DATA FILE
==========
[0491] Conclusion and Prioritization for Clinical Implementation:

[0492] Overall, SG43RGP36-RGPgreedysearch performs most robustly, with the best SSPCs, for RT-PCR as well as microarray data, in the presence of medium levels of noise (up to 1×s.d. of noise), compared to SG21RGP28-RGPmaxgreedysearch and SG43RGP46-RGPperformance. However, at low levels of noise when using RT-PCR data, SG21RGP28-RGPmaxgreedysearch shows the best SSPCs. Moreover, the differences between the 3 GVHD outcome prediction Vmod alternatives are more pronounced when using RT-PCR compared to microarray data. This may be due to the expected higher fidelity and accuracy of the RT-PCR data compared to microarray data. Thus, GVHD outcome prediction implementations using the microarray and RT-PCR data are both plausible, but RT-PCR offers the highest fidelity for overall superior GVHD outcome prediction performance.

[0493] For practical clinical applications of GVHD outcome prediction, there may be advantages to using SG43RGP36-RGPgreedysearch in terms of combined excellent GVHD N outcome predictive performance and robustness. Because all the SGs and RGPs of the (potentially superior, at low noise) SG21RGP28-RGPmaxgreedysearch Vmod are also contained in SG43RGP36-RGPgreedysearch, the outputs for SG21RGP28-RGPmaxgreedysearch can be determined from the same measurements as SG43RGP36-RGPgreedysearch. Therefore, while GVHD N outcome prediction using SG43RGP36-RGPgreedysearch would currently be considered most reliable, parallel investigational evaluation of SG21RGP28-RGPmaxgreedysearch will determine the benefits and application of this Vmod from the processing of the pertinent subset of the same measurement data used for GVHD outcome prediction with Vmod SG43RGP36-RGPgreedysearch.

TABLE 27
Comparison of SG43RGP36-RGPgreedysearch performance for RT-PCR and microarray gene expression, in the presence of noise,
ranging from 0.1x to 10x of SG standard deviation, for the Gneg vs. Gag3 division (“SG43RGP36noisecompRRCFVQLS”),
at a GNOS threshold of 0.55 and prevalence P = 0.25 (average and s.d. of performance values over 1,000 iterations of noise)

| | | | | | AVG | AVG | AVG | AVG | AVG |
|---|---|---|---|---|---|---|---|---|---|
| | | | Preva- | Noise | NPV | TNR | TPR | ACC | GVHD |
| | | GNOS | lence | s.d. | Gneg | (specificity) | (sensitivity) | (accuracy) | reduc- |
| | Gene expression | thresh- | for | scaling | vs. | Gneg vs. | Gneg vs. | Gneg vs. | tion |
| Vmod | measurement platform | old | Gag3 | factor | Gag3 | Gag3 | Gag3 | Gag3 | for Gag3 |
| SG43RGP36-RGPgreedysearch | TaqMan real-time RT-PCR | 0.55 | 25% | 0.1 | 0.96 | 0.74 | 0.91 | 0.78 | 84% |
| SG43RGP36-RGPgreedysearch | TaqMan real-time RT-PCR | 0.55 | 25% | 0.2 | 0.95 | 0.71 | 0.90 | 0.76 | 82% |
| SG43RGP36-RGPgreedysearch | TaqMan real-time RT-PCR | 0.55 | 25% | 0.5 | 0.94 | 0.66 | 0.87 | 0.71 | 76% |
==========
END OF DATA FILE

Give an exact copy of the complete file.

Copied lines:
[0491] Conclusion and Prioritization for Clinical Implementation:

[0492] Overall, SG43RGP36-RGPgreedysearch performs most robustly, with the best SSPCs, for RT-PCR as well as microarray data, in the presence of medium levels of noise (up to 1×s.d. of noise), compared to SG21RGP28-RGPmaxgreedysearch and SG43RGP46-RGPperformance. However, at low levels of noise when using RT-PCR data, SG21RGP28-RGPmaxgreedysearch shows the best SSPCs. Moreover, the differences between the 3 GVHD outcome prediction Vmod alternatives are more pronounced when using RT-PCR compared to microarray data. This may be due to the expected higher fidelity and accuracy of the RT-PCR data compared to microarray data. Thus, GVHD outcome prediction implementations using the microarray and RT-PCR data are both plausible, but RT-PCR offers the highest fidelity for overall superior GVHD outcome prediction performance.

[0493] For practical clinical applications of GVHD outcome prediction, there may be advantages to using SG43RGP36-RGPgreedysearch in terms of combined excellent GVHD N outcome predictive performance and robustness. Because all the SGs and RGPs of the (potentially superior, at low noise) SG21RGP28-RGPmaxgreedysearch Vmod are also contained in SG43RGP36-RGPgreedysearch, the outputs for SG21RGP28-RGPmaxgreedysearch can be determined from the same measurements as SG43RGP36-RGPgreedysearch. Therefore, while GVHD N outcome prediction using SG43RGP36-RGPgreedysearch would currently be considered most reliable, parallel investigational evaluation of SG21RGP28-RGPmaxgreedysearch will determine the benefits and application of this Vmod from the processing of the pertinent subset of the same measurement data used for GVHD outcome prediction with Vmod SG43RGP36-RGPgreedysearch.

TABLE 27
Comparison of SG43RGP36-RGPgreedysearch performance for RT-PCR and microarray gene expression, in the presence of noise,
ranging from 0.1x to 10x of SG standard deviation, for the Gneg vs. Gag3 division (“SG43RGP36noisecompRRCFVQLS”),
at a GNOS threshold of 0.55 and prevalence P = 0.25 (average and s.d. of performance values over 1,000 iterations of noise)

| | | | | | AVG | AVG | AVG | AVG | AVG |
|---|---|---|---|---|---|---|---|---|---|
| | | | Preva- | Noise | NPV | TNR | TPR | ACC | GVHD |
| | | GNOS | lence | s.d. | Gneg | (specificity) | (sensitivity) | (accuracy) | reduc- |
| | Gene expression | thresh- | for | scaling | vs. | Gneg vs. | Gneg vs. | Gneg vs. | tion |
| Vmod | measurement platform | old | Gag3 | factor | Gag3 | Gag3 | Gag3 | Gag3 | for Gag3 |
| SG43RGP36-RGPgreedysearch | TaqMan real-time RT-PCR | 0.55 | 25% | 0.1 | 0.96 | 0.74 | 0.91 | 0.78 | 84% |
| SG43RGP36-RGPgreedysearch | TaqMan real-time RT-PCR | 0.55 | 25% | 0.2 | 0.95 | 0.71 | 0.90 | 0.76 | 82% |
| SG43RGP36-RGPgreedysearch | TaqMan real-time RT-PCR | 0.55 | 25% | 0.5 | 0.94 | 0.66 | 0.87 | 0.71 | 76% |